unordered.  To order a set, you first transform it into something else,
usually a list, and _then_ order it.

But of course we want to make this convenient, so you'll be able to say
"give me the sorted set elements", again with arbitrarily complex sorting
(callbacks!).  Minimal sorting will be built in (ascending, descending)

- iterate over sorted members.  Again, this is not a set operation, but
for convenience we will offer something like

  while ( my $dt = $dt_set->next( sort => 'asc' ) )

An unbounded set will have prety much the same API, except that the
constructor may be a little more complex, and you won't be able to
retrieve the whole set all at once, because it has an infinite number of

Another side note on recurrence:  we will allow people to specify
recurring datetime generators via callbacks.  For what I hope are obvious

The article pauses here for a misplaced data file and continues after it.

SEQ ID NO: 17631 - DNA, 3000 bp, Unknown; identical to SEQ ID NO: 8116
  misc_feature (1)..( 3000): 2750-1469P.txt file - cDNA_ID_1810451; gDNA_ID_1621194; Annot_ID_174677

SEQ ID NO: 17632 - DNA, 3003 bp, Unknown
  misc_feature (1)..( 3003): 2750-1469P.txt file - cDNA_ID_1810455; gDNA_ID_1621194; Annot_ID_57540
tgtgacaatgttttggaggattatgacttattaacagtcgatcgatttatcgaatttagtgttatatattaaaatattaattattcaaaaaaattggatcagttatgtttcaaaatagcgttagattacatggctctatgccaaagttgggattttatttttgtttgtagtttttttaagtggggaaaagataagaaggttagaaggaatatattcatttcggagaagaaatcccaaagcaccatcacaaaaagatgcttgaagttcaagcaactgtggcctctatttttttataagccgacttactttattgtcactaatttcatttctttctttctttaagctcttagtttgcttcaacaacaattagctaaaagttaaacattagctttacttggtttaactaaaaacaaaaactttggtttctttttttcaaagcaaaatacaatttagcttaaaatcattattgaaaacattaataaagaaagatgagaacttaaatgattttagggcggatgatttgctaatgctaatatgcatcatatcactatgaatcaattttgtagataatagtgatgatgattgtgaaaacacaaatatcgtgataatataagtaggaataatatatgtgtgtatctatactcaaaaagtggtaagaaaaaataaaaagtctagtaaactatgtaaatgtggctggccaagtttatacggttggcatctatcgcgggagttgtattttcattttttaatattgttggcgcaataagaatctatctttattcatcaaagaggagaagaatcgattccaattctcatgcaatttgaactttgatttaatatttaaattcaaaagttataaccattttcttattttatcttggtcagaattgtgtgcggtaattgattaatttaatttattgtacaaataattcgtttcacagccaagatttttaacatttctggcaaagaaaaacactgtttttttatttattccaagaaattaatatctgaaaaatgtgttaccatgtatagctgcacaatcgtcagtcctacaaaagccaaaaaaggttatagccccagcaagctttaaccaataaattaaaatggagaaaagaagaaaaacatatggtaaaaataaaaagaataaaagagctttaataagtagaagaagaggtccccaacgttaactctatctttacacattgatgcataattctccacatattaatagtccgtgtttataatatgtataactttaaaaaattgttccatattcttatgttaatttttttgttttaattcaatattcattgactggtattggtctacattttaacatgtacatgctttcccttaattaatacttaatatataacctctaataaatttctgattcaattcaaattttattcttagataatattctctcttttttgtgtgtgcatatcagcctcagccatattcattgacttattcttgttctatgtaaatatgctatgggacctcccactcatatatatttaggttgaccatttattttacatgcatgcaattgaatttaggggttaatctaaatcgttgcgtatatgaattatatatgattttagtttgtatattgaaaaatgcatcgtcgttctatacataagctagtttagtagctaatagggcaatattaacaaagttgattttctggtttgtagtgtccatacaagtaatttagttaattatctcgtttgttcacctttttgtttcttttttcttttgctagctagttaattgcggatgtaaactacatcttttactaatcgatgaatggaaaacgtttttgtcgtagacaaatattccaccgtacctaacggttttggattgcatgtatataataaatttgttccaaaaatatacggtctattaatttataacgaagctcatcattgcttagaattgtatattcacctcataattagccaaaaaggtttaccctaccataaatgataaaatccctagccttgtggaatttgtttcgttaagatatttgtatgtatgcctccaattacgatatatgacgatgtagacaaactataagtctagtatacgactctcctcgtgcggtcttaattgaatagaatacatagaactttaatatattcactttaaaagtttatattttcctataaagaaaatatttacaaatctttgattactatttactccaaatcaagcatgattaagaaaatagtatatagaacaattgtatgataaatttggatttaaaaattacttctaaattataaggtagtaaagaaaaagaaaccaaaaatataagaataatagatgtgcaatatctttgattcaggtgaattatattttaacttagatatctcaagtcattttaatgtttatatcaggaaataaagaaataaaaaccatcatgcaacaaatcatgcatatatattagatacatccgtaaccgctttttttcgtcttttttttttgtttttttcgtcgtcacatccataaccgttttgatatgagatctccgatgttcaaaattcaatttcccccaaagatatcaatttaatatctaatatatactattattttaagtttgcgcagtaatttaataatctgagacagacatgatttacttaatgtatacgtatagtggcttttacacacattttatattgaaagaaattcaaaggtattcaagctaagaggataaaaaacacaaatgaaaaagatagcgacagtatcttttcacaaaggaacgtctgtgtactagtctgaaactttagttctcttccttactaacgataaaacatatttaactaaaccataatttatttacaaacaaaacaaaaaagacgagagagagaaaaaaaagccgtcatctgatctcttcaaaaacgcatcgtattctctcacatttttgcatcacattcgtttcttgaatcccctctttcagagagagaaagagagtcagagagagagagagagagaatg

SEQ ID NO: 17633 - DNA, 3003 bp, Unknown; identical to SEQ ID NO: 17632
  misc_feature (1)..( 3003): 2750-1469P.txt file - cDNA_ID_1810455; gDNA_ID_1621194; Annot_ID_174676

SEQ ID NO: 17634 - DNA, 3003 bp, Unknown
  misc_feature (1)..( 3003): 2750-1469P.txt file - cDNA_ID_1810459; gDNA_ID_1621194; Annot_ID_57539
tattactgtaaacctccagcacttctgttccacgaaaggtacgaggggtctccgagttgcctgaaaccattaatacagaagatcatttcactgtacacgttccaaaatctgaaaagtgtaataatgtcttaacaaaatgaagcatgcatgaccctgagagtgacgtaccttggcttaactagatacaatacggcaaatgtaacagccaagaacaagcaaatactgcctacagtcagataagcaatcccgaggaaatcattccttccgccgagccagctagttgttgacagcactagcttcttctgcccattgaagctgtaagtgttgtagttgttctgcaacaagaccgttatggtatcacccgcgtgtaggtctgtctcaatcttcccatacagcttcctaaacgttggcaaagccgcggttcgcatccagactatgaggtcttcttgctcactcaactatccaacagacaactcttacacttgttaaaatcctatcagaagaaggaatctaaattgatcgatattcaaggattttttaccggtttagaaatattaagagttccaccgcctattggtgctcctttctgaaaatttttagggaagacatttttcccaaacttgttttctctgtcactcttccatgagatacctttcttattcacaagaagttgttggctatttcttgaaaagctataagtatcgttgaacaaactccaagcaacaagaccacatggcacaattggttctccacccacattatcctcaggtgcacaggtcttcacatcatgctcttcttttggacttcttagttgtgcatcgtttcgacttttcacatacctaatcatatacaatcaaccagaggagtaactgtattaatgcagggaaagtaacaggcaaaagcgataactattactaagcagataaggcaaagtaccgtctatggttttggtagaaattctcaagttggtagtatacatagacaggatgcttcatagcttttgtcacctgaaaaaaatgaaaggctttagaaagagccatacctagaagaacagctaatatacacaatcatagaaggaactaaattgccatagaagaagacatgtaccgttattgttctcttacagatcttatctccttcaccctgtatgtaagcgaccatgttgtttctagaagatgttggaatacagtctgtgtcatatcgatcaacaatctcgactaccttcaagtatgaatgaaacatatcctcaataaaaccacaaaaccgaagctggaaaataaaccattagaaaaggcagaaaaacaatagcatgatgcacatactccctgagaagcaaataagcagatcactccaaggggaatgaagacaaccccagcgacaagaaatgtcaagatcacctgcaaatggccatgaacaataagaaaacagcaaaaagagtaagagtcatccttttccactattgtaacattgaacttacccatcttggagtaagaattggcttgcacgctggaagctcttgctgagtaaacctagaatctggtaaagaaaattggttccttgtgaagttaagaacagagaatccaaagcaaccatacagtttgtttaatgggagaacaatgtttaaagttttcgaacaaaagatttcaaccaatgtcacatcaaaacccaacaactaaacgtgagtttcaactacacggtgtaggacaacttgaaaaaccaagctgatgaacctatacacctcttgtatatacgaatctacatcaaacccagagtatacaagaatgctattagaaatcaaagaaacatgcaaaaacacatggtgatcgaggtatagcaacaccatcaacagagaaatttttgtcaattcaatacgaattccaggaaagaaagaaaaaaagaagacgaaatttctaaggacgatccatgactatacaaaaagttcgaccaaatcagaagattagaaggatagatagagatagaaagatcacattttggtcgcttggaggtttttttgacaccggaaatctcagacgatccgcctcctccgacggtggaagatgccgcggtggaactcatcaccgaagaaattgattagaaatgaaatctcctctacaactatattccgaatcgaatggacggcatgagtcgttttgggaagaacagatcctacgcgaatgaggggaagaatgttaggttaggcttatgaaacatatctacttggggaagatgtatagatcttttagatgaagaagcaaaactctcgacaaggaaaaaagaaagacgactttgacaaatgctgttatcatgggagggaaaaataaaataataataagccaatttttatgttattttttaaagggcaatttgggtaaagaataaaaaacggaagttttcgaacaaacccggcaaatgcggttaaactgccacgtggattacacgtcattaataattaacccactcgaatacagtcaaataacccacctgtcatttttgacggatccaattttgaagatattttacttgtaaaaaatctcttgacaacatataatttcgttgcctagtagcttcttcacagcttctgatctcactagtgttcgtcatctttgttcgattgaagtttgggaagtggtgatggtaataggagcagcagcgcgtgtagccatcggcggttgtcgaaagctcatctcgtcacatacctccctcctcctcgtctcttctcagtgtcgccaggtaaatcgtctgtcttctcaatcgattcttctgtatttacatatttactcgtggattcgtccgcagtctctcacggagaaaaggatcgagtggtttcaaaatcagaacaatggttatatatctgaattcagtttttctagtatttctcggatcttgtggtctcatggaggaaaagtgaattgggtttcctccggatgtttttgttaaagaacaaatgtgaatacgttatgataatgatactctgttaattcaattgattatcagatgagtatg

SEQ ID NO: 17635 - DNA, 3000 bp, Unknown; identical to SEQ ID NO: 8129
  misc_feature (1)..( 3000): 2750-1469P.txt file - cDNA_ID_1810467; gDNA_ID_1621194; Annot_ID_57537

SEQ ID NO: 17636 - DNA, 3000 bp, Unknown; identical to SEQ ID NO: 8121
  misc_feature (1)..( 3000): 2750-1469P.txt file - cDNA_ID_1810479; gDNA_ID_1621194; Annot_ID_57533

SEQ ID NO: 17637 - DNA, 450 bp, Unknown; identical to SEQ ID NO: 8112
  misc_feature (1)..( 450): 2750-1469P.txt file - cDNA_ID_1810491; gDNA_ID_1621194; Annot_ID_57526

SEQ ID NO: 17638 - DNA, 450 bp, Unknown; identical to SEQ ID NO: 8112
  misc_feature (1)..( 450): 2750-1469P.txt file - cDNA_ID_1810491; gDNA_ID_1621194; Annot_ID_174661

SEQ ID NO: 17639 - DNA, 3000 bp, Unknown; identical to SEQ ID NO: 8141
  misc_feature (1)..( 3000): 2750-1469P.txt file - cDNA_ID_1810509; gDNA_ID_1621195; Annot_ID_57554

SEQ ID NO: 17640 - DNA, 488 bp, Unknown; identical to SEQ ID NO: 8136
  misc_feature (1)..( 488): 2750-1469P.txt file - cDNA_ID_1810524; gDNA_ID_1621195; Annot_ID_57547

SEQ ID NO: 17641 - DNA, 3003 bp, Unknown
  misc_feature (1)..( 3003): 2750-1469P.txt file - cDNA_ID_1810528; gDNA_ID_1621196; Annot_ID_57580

reasons, callbacks will have to guarantee that given a datetime X, they
always produce a datetime >X _or_ <X.  If it were both, there'd be no way
to check whether Y was a member of an unbounded set.  This will be a big
fat warning in the docs.

So here's a quick first crack at an API.


  # bounded
  my $dt_set =
      DateTime::Set->new( set => [ 1 or more DateTime objects ] );

  # bounded
  my $dt_set = DateTime::Set->new( start => $dt_object,
                                   end   => $dt_object,
                                   recurrence_callback => \&generate );

  # still bounded
  my $dt_set = DateTime::Set->new( start => $dt_object,
                                   end   => $dt_object,
                                   recurrence_rfc2445 => $rfc_2445_string );

  # unbounded (on "right") - $dt_object & greater datetimes
  my $dt_set = DateTime::Set->new( start => $dt_object,
                                   recurrence_callback => \&generate );

  # unbounded (on "left) - $dt_object & less
  my $dt_set = DateTime::Set->new( end => $dt_object,
                                   recurrence_callback => \&generate );

  # unbounded on both side
  my $dt_set = DateTime::Set->new